Stan Lee carried on with his usual aplomb. He regaled the crowd with stories about the creation of Spiderman, the Fantastic Four, and Daredevil, and how his big innovation was that super-heroes, whether they be adults or troubled teenagers, are all struggling with hang-ups. Everybody has their quirks, their fears, their frustrations. And life is a great big hang-up! Isn’t it?
The question and answer session was pretty lively as I recall. People wanted to know everything about the Marvel Bullpen and what various creators were like. They wanted to hear about Steve Ditko and Jack Kirby and John Buscema and Johnny Romita. It was the year of the Presidential election, and Marvel Comics had their own duck in the race. Howard the Duck was nominee of the All Night Party, and the night that Stan Lee was speaking at the University of New Mexico was November 4th, just two days after the election. The count was in: Howard lost.
I remember asking about Bill Everett and the origins of the Sub-Mariner. I was doubly disappointed by Stan’s response. First, he pronounced the superhero’s name Submariner, with the emphasis on the letter i and pronounced as a long e. “Sub-mareener” is what it sounded like when Stan said it. But I thought it should sound like Marin in Marin County, California. I pronounced it with the accent on the letter a like Like Coleridge’s Rime of the Ancient Mariner. Not Mareeener!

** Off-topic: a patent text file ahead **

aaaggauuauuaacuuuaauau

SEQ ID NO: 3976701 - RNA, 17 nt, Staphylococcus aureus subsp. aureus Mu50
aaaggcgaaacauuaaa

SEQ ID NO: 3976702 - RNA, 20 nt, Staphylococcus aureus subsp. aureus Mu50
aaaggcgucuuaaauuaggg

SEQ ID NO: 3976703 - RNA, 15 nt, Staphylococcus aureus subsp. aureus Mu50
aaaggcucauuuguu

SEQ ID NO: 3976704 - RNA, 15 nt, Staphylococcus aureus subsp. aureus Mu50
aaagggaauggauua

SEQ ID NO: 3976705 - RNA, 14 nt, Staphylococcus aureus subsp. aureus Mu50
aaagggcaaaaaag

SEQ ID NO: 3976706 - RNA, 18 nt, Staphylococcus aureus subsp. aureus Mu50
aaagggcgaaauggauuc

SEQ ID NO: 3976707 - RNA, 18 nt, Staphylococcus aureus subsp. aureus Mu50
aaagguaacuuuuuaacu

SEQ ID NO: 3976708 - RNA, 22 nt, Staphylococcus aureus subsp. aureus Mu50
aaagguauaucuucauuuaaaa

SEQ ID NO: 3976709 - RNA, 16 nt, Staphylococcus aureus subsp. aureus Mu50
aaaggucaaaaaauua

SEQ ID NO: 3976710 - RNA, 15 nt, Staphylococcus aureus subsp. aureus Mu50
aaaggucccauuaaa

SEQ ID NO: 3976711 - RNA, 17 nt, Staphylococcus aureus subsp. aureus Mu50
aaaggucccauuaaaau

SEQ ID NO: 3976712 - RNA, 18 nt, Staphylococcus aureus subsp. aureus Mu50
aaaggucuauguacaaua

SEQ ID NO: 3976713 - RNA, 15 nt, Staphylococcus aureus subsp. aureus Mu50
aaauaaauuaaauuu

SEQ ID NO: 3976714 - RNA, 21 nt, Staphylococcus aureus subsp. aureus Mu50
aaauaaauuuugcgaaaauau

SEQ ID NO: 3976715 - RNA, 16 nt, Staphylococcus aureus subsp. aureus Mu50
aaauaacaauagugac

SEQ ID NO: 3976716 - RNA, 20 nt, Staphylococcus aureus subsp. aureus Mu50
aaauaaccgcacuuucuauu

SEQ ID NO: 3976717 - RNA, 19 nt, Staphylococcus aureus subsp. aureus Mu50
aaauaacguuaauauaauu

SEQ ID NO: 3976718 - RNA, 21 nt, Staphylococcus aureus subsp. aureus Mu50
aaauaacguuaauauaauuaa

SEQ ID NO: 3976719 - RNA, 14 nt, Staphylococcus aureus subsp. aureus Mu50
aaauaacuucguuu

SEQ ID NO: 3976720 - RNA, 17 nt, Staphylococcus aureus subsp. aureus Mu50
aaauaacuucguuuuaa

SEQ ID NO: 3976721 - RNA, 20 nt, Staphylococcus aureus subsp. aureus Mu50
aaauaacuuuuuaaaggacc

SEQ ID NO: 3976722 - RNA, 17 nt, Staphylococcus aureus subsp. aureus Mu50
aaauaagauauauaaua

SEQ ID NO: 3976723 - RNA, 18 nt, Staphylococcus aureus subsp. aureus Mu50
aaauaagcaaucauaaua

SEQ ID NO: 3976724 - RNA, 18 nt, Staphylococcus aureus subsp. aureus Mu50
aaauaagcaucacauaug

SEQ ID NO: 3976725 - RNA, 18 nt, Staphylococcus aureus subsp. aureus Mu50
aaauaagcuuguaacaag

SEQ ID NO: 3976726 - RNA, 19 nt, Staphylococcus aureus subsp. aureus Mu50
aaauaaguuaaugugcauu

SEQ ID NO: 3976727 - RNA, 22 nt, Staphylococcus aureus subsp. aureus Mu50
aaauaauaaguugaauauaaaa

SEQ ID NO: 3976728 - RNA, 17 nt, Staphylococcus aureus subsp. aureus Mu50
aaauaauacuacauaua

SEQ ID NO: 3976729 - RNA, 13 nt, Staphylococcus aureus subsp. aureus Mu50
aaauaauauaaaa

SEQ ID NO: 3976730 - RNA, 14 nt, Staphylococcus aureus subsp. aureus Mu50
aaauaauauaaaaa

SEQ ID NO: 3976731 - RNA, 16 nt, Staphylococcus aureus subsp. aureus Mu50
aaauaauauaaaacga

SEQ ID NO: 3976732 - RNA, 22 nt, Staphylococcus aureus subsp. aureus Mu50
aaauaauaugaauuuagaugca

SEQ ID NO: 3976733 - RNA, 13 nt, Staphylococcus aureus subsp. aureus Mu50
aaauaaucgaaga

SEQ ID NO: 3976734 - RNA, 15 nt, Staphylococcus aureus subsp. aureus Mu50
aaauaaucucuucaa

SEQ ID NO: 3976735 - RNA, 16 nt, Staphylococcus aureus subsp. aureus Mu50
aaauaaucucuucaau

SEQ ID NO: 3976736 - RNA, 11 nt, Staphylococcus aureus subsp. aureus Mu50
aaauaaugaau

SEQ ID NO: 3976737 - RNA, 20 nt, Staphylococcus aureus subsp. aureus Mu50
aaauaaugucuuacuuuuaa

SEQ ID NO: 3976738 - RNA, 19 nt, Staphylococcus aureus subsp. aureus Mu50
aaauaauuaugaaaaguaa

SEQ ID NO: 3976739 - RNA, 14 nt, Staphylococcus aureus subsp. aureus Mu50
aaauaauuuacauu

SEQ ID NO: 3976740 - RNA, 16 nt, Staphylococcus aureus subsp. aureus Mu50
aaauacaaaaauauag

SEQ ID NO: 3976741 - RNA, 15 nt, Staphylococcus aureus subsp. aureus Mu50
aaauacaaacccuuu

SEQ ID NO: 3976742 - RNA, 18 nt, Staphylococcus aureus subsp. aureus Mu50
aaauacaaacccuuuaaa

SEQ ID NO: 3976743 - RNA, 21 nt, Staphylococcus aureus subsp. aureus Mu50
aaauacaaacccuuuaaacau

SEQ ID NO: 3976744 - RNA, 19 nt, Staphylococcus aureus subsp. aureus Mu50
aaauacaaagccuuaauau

Even worse, Stan said that Bill Everett based the character’s name on Roman backwards: Namor. He said that it was pronounced Namor, with the accent on the first syllable, a long a like a gamer. But I’d always pronounced it with a soft a and the accent on the second syllable, the o in Namor, so that it would rhyme with Zsa Zsa Gabor.
So much for my imagined pronunciations! But forty-eight years later, I still pronounce them like Marin County and Zsa Zsa Gabor anyway. With my apologies to the great Bill Everett.
So that is the tale of how I happened to meet Stan Lee twice in 1976. Once in the Playboy Towers of downtown Chicago, then again at UNM’s Student Union Building.
Kitchen, Dennis. The Oddly Compelling Art of Dennis Kitchen [Dark Horse, 2010]
McLaughlin, Jeff. “Jenette Kahn, Stan Lee and Harvey Kurtzman Discuss Comics with Mike Gold” in Stan Lee: Conversations University Press of Mississippi (2007) link
Myserson, Charlie. “Comics No Longer Kid Stuff, Comics Heavies Now Have Conventions,” in The Star Newspaper, Chicago, Aug 22nd 1976. link
New Mexico Daily Lobo, November 2nd (1976) p.4
O’Donnell, Maureen. “2 key figures in underground comics with Chicago ties have died,” Chicago Sun Times (2017-03-20)
Place, Ryan. “Exclusive Interview: The Comic Book Wizard of Ypsilanti, GEORGE HAGENAUER,” Detroit Bookfest Mar 9th (2019) link
Speed, Harold. The Practice and Science of Drawing (1913)
Williamson, Skip. “Sammy Gets Fat” in Bijou Funnies #4, Print Mint, (1970)